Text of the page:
Why blue eyes?

Looking at the map of the distribution of blue eyes in Europe made me wonder: why do Europeans have blue eyes? Were they found in other parts of the world before European expansion and inter-marrying?


The genetic allele that produces blue eyes appears to have originated about 6,000 to 10,000 years ago near the Black Sea.Blue eyes may appear sporadically in other populations due to new mutations, but in most people with blue eyes the trait is due to this allele.

The direct selective benefits of blue eyes are obscure (unlike light skin, for which several possible selective benefits have been proposed, especially the production of vitamin D in areas with restricted sunlight). As the article suggests, one hypothesis is that the trait spread through sexual selection since it was considered attractive.

There is an interesting overlap in the timing and spread of the lactose tolerance gene mutation with the blue eye mutation. Most likely that’s either coincidence or connected a step farther back through the spread of lighter-skinned peoples. Makes me wonder if anybody has looked into a correlation between the two mutations.

Getting laid? that’s the only reason the mutation has survived?

So why hasn’t it spread more widely?

Just post to expound on Colibri’s post:
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Boas, H. M. 1918. Inheritance of eye color in man. American Journal of Physical Anthropology 2: 15-20.

Brues, A. M. 1975. Rethinking human pigmentation. American Journal of Physical Anthropology 43: 387-391.

Davenport, G. C., and C. B. Davenport. 1907. Heredity of eye color in man. Science 26: 589-592.

Holmes, S. J., and H. M. Loomis. 1909. The heredity of eye color and hair color in man. Biological Bulletin 18: 50Ð65.

Hurst, C. C. 1908. On the inheritance of eye-colour in man. Proceedings of the Royal Society of London B 80: 85-96.

Liu, F., et al. (20 co-authors). 2010. Digital quantification of human eye color highlights genetic association of three new loci. PLOS Genetics 6: e1000934.

Mackey, D. A., C. H. Wilkinson, L. S. Kearns, and A. W. Hewitt. 2011. Classification of iris colour: review and refinement of a classification schema. Clinical and Experimental Ophthalmology 39: 462-471.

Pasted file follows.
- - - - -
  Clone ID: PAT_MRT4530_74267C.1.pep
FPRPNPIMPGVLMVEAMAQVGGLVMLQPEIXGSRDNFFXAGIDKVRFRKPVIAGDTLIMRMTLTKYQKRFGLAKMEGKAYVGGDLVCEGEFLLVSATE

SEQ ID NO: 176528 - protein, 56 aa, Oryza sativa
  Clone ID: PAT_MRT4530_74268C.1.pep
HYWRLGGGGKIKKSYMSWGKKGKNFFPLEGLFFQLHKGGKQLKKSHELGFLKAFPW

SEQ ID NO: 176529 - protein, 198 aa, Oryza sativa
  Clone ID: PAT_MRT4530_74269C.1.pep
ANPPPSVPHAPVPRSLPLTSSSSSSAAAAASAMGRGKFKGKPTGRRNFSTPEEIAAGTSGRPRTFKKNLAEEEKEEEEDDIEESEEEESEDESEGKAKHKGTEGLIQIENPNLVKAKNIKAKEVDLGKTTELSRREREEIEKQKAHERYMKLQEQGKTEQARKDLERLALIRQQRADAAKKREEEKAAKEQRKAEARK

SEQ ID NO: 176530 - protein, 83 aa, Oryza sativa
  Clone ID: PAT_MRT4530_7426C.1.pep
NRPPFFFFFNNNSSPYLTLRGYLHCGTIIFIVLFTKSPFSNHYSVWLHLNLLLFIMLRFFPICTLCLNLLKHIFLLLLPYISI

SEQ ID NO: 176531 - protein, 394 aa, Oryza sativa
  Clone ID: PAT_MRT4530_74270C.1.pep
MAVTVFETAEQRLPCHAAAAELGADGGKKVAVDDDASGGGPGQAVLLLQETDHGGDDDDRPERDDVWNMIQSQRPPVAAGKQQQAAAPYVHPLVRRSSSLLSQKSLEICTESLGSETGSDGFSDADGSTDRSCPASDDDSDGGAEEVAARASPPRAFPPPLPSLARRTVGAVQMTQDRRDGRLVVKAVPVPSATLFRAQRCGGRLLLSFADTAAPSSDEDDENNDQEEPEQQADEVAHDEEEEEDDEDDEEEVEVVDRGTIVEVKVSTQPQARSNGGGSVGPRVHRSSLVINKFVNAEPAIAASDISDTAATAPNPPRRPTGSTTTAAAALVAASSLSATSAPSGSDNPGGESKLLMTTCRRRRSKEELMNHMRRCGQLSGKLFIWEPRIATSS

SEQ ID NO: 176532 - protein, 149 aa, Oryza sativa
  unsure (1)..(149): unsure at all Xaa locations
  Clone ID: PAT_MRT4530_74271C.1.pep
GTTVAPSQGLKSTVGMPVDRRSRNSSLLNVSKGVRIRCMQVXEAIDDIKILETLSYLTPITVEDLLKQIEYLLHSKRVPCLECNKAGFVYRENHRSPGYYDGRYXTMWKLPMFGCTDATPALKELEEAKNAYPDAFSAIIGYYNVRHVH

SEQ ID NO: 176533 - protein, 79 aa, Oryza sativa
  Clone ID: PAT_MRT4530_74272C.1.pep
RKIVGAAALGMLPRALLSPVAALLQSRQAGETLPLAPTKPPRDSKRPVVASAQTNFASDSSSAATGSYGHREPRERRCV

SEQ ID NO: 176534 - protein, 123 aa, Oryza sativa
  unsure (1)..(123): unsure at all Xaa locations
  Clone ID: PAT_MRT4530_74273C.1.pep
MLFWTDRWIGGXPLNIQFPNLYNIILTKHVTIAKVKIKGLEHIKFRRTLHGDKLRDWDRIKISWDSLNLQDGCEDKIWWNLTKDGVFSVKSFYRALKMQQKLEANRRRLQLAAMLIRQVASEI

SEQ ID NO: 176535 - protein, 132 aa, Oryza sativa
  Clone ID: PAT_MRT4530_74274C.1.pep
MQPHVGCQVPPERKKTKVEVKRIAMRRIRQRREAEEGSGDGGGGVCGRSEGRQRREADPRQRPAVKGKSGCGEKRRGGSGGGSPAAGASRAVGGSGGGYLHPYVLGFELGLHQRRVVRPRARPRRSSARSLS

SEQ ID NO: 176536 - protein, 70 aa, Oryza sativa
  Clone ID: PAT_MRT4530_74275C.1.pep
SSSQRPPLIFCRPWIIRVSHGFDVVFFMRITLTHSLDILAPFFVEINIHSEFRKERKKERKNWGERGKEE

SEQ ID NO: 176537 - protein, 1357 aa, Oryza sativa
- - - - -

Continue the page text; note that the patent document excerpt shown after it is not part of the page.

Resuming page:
Matheny, A. P., and A. B. Dolan. 1975. Changes in eye color during early childhood: sex and genetic differences. Annals of Human Biology 2: 191-196.

Pospiech, E., J. Draus-Barini, T. Kupiec, A. Wojas-Pelc, and W. Branicki. 2011. Gene-gene interactions contribute to eye colour variation in humans. Journal of Human Genetics 56: 447-455.

Sturm, R. A., and M. Larsson. 2009. Genetics of human iris colour and patterns. Pigment Cells and Melanoma Research 22: 544-562.

If it did only originate 6-10 thousand years ago, I’d say it’s spread pretty fast, especially given that it’s a recessive allele.

That would be absolutely fascinating! waves wand Dopers, get to it!!

Nature knew in advance that humans would need pilots.

Not sure how true it is but I’ve read that people with blue eyes can hold their alcohol better and feel less pain.


Could be true I suppose, I’ve also read that redheads were more more sensitive to certain types of pain but had a higher pain threshold for pain caused by an electrical current.


Blue and green eye are reasonably common all the way to India, so I suspect that it has to be multiple mutations. East and South of the Sub continent ], they are almost unheard of.

Previous to the mutation, do we know if newborns still had blue eyes and they darkened over time?

Since India is known to have had influx from the area where these genes originated, what with the indo-european language group and everything, why would you need to posit multiple mutations?